GREENWICH, Conn. -- Prolific portrait artist John Singer Sargent will be discussed in a lecture Wednesday morning at First Presbyterian Church.
The lecture at 11 a.m. follows the meeting of the Retired Men's Association of Greenwich, Inc.
Sargent was an American artist (1856–1925), considered the "leading portrait painter of his generation" for his evocations of Edwardian era luxury. During his career, he created roughly 900 oil paintings and more than 2,000 watercolors, as well as countless sketches and charcoal drawings. Many of these subjects were his close friends.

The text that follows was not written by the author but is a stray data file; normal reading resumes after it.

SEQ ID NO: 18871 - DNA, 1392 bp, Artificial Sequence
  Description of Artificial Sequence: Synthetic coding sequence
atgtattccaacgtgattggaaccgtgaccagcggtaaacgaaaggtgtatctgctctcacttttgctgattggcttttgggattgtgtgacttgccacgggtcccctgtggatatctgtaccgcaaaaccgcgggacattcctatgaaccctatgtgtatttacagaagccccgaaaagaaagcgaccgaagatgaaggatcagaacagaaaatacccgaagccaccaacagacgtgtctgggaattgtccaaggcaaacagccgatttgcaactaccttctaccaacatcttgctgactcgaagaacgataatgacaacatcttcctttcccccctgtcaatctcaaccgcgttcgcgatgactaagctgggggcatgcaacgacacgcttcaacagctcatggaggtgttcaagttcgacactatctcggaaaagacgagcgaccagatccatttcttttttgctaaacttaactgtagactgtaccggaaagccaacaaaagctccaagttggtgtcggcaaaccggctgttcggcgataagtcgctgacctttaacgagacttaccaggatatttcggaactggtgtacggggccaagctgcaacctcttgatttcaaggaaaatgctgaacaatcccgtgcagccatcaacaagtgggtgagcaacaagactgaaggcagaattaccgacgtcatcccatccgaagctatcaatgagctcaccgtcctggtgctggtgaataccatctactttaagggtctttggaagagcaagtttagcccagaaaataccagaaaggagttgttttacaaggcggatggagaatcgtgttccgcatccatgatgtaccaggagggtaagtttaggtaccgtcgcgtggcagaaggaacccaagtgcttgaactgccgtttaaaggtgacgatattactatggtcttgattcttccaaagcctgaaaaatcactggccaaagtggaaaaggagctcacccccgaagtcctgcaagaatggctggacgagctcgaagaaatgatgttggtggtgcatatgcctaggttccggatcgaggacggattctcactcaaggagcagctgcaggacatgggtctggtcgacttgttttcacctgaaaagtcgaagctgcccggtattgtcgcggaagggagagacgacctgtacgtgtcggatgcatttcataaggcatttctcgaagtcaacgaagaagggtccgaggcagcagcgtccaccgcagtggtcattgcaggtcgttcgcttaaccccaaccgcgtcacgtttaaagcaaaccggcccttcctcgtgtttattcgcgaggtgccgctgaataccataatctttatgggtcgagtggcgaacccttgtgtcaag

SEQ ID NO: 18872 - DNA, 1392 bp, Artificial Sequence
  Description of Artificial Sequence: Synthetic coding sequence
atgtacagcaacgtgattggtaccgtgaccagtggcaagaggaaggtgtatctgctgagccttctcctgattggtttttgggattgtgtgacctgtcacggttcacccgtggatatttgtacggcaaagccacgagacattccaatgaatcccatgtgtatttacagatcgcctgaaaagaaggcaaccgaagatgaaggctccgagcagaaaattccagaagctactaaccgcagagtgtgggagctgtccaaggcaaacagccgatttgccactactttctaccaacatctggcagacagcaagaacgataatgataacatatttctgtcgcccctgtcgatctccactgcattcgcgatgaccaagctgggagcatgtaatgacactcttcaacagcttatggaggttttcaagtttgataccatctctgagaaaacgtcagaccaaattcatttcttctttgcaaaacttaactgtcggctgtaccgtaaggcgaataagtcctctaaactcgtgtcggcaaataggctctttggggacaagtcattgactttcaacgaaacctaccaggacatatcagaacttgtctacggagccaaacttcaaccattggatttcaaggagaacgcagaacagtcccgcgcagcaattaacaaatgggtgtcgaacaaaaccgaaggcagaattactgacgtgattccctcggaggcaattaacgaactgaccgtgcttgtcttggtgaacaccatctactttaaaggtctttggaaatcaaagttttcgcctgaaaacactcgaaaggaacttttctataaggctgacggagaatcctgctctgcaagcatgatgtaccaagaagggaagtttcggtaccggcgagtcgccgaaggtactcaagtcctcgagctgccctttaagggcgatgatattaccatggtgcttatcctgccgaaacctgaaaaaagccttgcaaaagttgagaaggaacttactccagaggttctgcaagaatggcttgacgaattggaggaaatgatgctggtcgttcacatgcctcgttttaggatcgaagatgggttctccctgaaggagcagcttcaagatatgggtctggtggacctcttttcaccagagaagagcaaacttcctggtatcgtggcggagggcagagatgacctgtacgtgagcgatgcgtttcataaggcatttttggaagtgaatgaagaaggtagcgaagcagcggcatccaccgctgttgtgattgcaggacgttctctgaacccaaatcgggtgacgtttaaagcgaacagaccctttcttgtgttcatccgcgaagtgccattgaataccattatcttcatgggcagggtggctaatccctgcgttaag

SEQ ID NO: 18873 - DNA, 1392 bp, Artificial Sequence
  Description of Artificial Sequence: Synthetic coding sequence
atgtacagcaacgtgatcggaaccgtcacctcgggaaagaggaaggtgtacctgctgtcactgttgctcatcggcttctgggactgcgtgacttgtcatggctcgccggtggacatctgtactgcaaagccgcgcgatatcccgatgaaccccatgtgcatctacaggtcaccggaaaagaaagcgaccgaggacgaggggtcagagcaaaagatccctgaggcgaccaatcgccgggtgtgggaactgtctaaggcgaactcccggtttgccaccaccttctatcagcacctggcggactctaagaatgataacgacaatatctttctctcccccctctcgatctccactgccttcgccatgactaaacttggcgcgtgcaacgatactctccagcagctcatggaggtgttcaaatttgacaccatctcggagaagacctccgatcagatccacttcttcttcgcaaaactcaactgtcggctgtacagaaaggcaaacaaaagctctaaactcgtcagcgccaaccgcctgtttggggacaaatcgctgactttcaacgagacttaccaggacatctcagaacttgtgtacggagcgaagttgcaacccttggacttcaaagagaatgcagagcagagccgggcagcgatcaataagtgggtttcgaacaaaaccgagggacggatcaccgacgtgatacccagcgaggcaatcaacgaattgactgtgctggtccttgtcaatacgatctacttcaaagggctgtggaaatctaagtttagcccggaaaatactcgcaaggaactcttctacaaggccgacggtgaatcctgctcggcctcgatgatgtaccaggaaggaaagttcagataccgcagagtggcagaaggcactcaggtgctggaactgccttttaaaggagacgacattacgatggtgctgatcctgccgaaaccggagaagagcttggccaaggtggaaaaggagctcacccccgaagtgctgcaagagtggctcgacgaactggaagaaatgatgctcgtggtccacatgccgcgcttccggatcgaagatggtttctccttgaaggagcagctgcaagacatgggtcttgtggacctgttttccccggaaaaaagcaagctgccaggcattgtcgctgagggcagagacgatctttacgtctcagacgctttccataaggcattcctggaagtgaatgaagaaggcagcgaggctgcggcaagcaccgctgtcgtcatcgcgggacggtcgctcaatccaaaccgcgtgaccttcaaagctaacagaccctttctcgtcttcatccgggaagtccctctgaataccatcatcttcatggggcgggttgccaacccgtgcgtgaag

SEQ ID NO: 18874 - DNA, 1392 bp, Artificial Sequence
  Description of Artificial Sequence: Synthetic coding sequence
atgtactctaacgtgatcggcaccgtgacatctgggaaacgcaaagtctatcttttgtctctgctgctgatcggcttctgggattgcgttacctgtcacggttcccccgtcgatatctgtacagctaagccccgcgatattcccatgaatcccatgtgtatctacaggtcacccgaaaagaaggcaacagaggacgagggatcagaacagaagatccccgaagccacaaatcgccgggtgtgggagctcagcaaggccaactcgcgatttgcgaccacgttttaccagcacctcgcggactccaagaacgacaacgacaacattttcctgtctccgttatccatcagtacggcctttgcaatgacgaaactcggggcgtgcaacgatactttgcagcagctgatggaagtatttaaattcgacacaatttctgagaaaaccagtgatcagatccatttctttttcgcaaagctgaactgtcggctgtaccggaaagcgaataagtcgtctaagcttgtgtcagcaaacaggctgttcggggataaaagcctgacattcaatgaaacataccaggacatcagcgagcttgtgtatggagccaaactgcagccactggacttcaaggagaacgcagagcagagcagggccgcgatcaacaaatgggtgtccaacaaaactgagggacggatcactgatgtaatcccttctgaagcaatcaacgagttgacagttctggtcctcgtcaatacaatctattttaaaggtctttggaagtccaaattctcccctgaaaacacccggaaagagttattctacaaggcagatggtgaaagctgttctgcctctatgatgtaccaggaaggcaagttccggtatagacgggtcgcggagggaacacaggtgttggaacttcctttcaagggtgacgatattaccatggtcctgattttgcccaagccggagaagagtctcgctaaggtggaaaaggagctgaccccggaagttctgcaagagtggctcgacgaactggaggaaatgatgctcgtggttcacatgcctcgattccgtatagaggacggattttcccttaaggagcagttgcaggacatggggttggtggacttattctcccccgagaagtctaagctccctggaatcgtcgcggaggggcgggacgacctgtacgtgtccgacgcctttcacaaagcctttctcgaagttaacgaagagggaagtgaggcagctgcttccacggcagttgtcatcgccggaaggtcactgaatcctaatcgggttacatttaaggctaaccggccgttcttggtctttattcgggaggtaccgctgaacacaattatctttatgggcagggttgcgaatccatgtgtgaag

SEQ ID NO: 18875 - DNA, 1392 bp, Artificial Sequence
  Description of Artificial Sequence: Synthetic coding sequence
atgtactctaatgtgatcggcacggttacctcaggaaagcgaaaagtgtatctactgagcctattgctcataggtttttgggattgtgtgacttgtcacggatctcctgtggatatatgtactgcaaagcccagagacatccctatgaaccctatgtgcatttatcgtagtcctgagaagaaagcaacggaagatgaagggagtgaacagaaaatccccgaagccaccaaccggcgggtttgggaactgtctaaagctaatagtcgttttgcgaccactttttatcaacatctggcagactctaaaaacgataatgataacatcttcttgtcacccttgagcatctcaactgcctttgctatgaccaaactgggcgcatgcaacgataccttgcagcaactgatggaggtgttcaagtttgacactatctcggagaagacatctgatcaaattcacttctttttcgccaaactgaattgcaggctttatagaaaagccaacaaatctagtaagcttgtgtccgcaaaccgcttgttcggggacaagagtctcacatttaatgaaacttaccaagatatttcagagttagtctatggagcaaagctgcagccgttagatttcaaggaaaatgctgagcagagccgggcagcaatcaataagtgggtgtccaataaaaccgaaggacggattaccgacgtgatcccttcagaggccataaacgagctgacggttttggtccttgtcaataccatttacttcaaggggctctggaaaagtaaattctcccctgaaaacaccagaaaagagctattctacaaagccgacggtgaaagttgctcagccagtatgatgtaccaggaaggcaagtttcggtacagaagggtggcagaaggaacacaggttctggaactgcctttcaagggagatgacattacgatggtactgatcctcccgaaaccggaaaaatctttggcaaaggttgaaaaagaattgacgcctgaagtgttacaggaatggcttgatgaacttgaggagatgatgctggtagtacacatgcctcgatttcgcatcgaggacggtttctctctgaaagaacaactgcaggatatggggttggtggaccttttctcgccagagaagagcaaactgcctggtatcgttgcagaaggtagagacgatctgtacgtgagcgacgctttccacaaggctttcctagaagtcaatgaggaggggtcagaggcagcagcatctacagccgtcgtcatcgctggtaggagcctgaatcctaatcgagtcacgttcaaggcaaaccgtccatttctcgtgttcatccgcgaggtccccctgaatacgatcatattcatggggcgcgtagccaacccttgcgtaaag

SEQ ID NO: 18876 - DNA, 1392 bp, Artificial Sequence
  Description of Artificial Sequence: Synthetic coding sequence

In 2015 the Met exhibited “Sargent: Portraits of Artists and Friends,” 90 images of artists, writers, actors, and musicians, many of whom were his close friends.
Because these works were rarely commissioned, he was free to create images that were more radical than those he made for paying clients.
He often posed these sitters informally—in the act of painting, singing, or performing, for example.
The portraits constitute a group of experimental paintings and drawings—often intimate, witty sensual or highly charged—and will be the subject of this presentation by Page Knox.
She is Lecturer at the Metropolitan Museum of Art, and a Lecturer in Art Humanities at Columbia University.
The lecture at 11 a.m. today is at the church, 1 West Putnam Ave., Greenwich.
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